WASHINGTON - Drivers headed home from the long holiday weekend were plagued with major delays on Interstate 95 in Virginia on Sunday, due to a series of accidents in Prince William County.
Four separate wrecks occurred in the 2-mile stretch of the interstate's southbound lanes, between the Prince William Parkway and Dale Boulevard between 10 a.m. and 3 p.m. Each crash occurred in the fast lanes of I-95 and the responders to each incident forced traffic to use a single right lane from late morning until mid- afternoon.
At its height, the backup on I-95 extended from near the Telegraph Road interchange on the Beltway into Woodbridge -- nearly 19 miles of bumper-to-bumper traffic.
Interstate 95 is in high demand this time of the year and delays are common on the Sunday after Thanksgiving, says Jim Battagliese, director of traffic and weather at WTOP.
"The Sunday problem is simple. People try to stay with their family as long as possible after Thanksgiving and leave Sunday, since most need to be back to work or school on Monday. There's not as much flexibility going home as there is in leaving," Battagliese says.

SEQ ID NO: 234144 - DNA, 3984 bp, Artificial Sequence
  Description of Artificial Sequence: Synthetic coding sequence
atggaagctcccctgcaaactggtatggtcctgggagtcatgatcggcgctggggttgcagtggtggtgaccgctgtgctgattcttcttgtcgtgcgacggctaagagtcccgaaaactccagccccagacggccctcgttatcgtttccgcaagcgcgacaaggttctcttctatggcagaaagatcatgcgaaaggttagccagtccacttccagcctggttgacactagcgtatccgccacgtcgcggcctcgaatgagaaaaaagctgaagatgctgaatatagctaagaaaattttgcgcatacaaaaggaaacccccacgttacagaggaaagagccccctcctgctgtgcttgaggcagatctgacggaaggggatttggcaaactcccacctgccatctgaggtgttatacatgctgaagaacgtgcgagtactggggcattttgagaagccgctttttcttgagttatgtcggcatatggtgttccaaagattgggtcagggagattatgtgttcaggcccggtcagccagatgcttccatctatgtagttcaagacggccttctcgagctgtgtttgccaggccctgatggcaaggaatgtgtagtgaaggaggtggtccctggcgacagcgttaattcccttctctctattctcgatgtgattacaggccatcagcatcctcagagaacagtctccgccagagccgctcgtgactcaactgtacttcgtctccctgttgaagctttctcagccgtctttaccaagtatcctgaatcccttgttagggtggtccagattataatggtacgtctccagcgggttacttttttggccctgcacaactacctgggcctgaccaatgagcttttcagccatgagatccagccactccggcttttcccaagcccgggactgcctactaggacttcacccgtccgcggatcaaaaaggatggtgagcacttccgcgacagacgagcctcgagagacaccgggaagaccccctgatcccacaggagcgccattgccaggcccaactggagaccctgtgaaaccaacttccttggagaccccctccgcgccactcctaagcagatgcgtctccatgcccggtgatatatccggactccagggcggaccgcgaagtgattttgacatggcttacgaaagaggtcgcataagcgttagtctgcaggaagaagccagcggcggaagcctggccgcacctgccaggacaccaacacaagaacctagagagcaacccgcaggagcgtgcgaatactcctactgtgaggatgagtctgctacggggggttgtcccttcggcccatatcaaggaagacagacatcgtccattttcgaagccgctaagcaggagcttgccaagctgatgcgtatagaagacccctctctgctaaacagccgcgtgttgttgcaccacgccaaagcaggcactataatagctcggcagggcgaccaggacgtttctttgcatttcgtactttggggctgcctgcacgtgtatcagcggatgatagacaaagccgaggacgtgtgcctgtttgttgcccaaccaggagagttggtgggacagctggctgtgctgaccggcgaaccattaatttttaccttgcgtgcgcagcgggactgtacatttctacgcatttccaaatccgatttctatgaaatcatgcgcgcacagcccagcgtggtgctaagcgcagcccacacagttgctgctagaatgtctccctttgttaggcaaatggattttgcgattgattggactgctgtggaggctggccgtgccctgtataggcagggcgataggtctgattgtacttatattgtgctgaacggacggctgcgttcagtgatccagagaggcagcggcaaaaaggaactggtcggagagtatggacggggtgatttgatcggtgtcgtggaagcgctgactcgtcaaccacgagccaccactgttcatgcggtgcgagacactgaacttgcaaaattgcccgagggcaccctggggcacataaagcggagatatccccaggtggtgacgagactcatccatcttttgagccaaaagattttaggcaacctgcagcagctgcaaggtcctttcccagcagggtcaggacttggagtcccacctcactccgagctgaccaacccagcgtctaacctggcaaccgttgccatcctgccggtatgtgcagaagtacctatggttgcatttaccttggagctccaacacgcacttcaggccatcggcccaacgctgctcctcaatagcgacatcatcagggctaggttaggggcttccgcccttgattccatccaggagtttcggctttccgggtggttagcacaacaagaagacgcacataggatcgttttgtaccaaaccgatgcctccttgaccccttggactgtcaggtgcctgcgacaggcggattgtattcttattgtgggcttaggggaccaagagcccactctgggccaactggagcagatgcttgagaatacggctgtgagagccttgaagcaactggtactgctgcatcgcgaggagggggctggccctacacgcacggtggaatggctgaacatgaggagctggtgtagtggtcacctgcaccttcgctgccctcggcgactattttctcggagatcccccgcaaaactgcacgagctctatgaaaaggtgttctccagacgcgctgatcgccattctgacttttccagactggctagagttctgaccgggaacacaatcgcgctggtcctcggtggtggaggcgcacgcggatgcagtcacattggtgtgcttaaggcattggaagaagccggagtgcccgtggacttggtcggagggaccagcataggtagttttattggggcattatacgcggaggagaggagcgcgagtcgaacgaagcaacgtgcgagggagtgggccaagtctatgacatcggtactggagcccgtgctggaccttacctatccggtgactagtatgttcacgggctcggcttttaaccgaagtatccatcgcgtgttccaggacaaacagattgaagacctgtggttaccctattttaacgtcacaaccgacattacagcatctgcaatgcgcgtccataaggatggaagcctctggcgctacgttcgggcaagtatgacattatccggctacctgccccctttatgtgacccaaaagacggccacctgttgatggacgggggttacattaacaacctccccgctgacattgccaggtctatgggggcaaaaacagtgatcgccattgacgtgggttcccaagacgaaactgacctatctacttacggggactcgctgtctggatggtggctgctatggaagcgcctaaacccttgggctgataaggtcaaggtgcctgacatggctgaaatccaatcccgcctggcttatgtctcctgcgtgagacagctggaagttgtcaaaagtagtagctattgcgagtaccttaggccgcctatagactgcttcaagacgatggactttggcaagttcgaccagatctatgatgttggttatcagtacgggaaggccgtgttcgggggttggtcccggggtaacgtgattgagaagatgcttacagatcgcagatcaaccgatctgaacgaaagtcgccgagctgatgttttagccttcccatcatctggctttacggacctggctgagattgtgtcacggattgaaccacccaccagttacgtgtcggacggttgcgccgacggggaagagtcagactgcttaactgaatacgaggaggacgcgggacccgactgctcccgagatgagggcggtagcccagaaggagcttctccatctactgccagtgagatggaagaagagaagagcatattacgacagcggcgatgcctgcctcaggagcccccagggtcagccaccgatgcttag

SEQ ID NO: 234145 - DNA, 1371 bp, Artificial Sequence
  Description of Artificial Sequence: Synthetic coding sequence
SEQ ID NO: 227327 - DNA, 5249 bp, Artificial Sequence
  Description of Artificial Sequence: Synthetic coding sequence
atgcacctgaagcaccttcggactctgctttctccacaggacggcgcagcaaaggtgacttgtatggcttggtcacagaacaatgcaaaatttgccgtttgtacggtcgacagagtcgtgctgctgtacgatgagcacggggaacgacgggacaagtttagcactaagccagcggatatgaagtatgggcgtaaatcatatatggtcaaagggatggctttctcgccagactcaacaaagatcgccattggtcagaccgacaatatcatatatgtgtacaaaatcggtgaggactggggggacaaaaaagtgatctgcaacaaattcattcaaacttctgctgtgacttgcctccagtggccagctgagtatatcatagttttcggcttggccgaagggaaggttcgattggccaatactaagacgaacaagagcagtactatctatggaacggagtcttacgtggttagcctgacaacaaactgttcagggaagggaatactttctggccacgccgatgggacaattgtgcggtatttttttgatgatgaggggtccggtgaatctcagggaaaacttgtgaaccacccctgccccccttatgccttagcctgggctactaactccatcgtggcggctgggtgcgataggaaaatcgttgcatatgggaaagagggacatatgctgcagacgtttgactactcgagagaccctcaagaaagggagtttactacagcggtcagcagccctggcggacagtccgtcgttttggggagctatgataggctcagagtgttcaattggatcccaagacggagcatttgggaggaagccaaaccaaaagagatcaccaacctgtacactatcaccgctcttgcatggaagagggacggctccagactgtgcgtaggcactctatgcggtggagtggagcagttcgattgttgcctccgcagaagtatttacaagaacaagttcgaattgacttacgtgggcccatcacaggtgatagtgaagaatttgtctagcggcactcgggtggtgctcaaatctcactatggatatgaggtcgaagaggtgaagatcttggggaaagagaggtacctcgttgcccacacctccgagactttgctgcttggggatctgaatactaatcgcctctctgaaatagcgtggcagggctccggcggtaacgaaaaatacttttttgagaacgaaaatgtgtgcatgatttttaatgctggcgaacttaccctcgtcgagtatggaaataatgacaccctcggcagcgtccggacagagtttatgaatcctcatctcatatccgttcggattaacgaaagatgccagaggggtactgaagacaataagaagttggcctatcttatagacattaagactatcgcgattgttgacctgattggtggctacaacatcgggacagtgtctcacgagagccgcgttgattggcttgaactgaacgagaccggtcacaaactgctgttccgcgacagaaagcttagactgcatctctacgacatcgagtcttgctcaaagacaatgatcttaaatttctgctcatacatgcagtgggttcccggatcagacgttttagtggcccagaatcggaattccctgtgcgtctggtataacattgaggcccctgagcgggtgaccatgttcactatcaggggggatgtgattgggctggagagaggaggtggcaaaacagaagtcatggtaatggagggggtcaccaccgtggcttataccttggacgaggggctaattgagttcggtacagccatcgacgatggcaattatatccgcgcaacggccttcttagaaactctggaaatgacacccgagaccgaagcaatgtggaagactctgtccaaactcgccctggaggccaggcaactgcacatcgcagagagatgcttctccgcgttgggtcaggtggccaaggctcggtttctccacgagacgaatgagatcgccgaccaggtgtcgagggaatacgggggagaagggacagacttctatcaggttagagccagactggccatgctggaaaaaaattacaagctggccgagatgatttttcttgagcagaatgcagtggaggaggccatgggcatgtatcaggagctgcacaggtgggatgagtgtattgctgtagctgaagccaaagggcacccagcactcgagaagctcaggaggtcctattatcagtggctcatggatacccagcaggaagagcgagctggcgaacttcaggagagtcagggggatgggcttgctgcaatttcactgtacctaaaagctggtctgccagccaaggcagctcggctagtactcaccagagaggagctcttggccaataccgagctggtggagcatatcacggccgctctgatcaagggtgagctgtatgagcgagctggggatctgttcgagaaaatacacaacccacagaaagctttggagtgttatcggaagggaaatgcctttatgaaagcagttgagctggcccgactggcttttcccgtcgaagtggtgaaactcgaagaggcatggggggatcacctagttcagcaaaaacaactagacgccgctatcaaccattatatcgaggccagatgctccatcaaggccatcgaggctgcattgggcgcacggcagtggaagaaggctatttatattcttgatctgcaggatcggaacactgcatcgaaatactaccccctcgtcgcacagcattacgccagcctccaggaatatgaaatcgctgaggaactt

The mishaps on I-95 only affected the southbound drivers headed toward Fredericksburg and Richmond. Northbound travelers experienced volume delays through Caroline, Spotsylvania and Stafford counties.
The High Occupancy Vehicle lanes, or express lanes, were oriented northbound and were not available to southbound drivers.
Corinne Geller, with Virginia State Police, explains that as traffic gets heavier, patience and stopping-distance wanes.
"When you've got heavy traffic, anytime you have one crash, you can have chain reaction crashes," Geller says.
When one incident clears, Geller says some drivers lurch forward to get ahead of the pack. If conditions are right, one crash can lead to another.
"People are suddenly putting their brakes on and folks simply don't have enough space between them and the vehicle in front of them," she says.